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Fryer Oil Maintenance: Tips To Make Oil Taste
Better & Last Longer
The fryer is one of the central cooking appliances in many
restaurants and commercial kitchens. And central to every commercial fryer is
the shortening or oil in the vat. Maintaining that oil is key to producing
great-tasting product every time. Oil maintenance is more involved than you
might think, and if done properly, can add significant time to the productive
life of your fryer oil and improve the taste of your product.
Fryer oil is an organic compound. That means it breaks down
naturally over time, just like any of the food product in your walk-in. At
over 300 degrees Fahrenheit, that degradation process is accelerated. As if
that weren�t enough, three things contribute to the even more rapid
deterioration of fryer oil:
Oxidation � contact with air makes the oil �stale� over time,
just like a bag of chips.
Hydrolysis � the presence of water in fryer oil is unavoidable when frying
food product, but as water interacts with the hot oil, acidic compounds form
that can really affect taste.
Polymerization � As oil breaks down, compounds form and bond
together, which leads to surface foaming and the further breakdown of oil
quality and taste. This process is made even worse by food particles, which
will inevitably collect in the oil as product is cooked.
There are several things you can do to combat the three enemies of oil
quality. Here�s some tips that address each one specifically:
Fighting oxidation: minimize fryer oil contact with the air
whenever possible. The most common method for doing this is to cover the fryer
vat when the unit is shut down. Also regulate oil temperature so that it
doesn�t exceed 360 degrees Fahrenheit. During lulls, reduce heat to 280
Fighting hydrolysis: don�t fill fryer baskets directly over
the fryer vat. This is especially true for frozen product, because ice
crystals will end up in the oil. Of the three, hydrolysis is the hardest to
fight, because there is going to be water in everything you cook.
Fighting polymerization: again, don�t fill fryer baskets over
the vat. Food particles speed polymerization, so a good technique is to load
the fryer basket away from the vat and give it a few good shakes to allow any
free particles to fall away before the product takes the plunge. Another
polymerization agent are seasonings, especially salt. Add any seasoning away
from the vat to keep them out of the oil as much as possible.
Of course, no matter how hard you fight, eventually it�s going to be a losing
battle. Water, air, and particulates are going to end up in your fryer oil no
matter what you do. Your only choice is to take them back out before the oil
breaks down. You can do this effectively with a good filtration system.
How much you filter your fryer oil depends on what you�re cooking, in what
volume, and how often. In general, breaded foods like fried chicken or fish
mean you should filter more often, because of all the food particles that are
going to end up in the oil. French fries are much cleaner and therefore the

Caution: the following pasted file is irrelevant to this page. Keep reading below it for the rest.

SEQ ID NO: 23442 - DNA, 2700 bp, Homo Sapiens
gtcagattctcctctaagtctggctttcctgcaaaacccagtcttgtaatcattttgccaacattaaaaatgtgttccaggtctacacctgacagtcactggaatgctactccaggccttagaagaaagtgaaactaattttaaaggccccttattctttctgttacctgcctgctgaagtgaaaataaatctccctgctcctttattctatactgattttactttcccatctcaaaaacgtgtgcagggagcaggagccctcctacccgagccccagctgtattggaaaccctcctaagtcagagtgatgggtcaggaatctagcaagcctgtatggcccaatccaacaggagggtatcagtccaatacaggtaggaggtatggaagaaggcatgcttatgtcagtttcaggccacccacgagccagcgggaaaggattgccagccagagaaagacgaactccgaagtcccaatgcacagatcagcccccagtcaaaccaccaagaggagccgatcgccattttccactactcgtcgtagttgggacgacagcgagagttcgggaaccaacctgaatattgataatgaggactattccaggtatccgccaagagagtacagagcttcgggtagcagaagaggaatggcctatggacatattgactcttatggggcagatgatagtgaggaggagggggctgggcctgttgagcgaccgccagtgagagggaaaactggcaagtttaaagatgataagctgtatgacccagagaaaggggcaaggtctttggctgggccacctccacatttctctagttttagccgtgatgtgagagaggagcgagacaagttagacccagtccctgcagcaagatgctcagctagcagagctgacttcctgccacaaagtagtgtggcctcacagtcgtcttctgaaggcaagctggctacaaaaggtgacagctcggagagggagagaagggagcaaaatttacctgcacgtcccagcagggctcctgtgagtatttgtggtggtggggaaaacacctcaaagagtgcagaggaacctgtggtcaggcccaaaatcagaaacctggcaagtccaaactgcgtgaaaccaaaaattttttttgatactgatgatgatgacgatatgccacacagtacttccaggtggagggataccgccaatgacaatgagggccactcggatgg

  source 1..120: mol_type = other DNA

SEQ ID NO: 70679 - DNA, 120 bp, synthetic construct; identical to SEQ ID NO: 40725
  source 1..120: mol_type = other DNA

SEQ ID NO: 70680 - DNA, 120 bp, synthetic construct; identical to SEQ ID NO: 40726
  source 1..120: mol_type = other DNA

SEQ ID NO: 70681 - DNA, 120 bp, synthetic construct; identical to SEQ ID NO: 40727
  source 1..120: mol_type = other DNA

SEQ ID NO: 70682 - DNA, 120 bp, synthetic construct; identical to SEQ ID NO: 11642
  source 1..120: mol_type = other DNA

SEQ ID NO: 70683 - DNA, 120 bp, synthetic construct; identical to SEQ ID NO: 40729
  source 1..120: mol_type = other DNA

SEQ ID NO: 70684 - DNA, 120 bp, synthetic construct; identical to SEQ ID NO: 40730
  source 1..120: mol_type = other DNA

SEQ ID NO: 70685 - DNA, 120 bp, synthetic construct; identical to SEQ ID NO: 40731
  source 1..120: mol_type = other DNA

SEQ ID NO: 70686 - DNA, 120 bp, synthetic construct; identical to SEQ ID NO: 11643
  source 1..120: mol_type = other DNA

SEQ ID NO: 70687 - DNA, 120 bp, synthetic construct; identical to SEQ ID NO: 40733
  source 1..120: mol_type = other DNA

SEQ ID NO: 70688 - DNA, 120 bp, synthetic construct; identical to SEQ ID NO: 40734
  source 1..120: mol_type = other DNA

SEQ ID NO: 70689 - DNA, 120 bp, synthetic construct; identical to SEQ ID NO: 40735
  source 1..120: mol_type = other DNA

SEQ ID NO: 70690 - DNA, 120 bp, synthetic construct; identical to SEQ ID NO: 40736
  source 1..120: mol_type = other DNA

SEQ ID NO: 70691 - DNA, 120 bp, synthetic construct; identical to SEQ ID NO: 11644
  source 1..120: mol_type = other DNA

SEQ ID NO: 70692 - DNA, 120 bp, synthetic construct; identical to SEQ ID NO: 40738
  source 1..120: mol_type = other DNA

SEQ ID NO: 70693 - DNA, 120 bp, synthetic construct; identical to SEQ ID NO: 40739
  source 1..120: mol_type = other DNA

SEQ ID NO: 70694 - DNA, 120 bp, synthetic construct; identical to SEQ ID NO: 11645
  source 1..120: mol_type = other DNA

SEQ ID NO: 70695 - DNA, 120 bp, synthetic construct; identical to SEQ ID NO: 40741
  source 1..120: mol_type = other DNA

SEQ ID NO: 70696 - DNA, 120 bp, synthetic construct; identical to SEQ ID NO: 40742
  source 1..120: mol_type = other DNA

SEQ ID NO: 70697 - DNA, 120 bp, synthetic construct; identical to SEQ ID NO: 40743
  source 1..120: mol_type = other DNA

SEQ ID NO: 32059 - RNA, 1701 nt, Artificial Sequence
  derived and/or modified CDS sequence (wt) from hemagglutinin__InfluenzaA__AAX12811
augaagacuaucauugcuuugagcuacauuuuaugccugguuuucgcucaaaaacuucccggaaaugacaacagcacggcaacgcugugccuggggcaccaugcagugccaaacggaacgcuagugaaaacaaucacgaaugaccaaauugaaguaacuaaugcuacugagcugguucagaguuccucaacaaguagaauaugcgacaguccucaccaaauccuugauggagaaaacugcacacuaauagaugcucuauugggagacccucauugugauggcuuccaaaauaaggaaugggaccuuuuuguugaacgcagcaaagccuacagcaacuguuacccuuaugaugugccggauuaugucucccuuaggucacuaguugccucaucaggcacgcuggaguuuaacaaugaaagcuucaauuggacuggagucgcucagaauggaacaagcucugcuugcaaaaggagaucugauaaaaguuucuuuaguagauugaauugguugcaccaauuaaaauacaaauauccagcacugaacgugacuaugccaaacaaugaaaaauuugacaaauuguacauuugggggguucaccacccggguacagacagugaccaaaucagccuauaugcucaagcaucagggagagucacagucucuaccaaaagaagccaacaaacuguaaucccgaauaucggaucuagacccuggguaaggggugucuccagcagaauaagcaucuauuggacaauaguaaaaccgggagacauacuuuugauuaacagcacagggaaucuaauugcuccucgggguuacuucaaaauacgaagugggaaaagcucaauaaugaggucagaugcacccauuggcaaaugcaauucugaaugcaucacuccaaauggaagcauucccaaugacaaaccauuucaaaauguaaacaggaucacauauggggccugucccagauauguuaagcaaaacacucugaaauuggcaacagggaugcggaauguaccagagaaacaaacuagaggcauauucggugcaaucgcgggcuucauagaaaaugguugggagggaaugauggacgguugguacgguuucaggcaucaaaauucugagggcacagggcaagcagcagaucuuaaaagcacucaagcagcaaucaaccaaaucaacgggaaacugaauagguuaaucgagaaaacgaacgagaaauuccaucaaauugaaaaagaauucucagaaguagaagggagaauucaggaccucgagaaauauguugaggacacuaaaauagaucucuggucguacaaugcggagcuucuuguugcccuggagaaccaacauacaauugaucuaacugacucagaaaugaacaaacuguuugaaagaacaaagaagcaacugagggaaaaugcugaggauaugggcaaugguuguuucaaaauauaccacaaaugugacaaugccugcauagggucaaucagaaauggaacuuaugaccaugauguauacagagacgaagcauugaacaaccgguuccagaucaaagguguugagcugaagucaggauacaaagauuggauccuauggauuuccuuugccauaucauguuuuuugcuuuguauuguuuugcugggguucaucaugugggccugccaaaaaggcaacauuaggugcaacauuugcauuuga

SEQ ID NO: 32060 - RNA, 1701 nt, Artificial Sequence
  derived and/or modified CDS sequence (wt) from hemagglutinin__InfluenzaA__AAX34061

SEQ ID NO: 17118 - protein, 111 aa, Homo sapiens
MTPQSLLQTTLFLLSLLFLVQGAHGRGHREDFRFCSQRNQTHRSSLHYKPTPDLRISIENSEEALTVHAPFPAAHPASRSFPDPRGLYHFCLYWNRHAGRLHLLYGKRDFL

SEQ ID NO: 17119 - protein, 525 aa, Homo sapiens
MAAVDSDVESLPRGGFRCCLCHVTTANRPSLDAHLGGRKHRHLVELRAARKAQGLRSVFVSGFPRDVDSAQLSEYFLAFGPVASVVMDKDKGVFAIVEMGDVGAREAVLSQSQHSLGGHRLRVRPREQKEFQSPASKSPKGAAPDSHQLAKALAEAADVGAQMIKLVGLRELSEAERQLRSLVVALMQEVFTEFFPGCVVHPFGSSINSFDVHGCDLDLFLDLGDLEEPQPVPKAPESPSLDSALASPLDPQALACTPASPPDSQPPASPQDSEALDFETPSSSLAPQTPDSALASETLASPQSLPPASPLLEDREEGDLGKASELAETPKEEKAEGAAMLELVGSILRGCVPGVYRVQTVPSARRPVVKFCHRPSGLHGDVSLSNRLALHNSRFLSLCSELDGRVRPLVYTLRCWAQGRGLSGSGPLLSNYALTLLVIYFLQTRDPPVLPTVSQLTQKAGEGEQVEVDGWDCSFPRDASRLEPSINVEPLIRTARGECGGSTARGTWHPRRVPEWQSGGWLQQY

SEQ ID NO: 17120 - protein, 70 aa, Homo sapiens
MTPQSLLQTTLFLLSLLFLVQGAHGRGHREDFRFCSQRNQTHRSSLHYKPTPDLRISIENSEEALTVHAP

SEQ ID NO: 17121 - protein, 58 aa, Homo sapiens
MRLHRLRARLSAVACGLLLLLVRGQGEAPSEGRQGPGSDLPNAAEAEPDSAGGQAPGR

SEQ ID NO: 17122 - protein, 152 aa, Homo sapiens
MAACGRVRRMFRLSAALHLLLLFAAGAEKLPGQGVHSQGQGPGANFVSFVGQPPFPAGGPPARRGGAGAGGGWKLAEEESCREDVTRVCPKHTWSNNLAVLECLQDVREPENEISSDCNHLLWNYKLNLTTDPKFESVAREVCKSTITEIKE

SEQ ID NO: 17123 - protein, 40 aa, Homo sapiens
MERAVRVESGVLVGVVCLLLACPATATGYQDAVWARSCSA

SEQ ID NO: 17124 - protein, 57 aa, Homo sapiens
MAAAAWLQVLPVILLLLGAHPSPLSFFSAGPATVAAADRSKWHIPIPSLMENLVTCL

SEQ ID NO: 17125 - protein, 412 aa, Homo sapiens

oil can handle a lot more rounds before filtering.
No matter what, you should develop a filtering schedule. Fryer oil test strips
are the best way to keep track of oil quality, and they�ll give you a starting
point for your filter schedule. Filtering fryer oil greatly extends the life
of the oil, and smart restaurant operators filter the same oils several times
to get the maximum life out of it before having to refill.
Portable fryer filters provide an easy way to filter fryer oil without slowing
your busy kitchen down too much. And when you�ve squeezed every last minute of
cooking capability out of that vat of oil, dispose of it safely with an oil
transporter. Finally, use a Smart Spout for pouring new oil into the vat
Before you refill with a new batch of oil, however, you�ve got to clean that
fryer vat out. It�s a thankless job, but someone�s got to get in there and
remove as much of that great friends of polymerization, food particulates, as
possible. Especially focus on cleaning the �cool zone,� the area underneath
the burners in the vat where particles are intentionally concentrated in order
to prevent them from heating up too much during cooking. A water/vinegar mix
is a great way to make sure detergents are neutralized after you�ve thoroughly
cleaned the vat.
Maintaining fryer oil quality takes a lot of work. But in the end, it�s worth
the extra effort because you get a lot more mileage out of each vat of oil.
And if saving money isn�t enough of an incentive for you, then the prospect of
serving great tasting fried foods to your customers every time should do the
Envirowise is a
government programme that delivers free, confidential environmental advice
to UK businesses, enabling them to improve profitability whilst
reducing environmental impact.
HSE Catering information
HSE Risk Assessment
contains simplified guidance based on
complex and changing legislation, and does not constitute legal advice.
Food and Drink Index
Regional and Local Food-Guide
Defra Home Page
Public services all in one place, brings
together the widest range of public service information and services
Food Standards Agency Homepage an independent Government
department set up by an Act of Parliament in 2000 to protect the
public's health and consumer interests in relation to food. A wealth of
information is available to help with all aspects of foodservice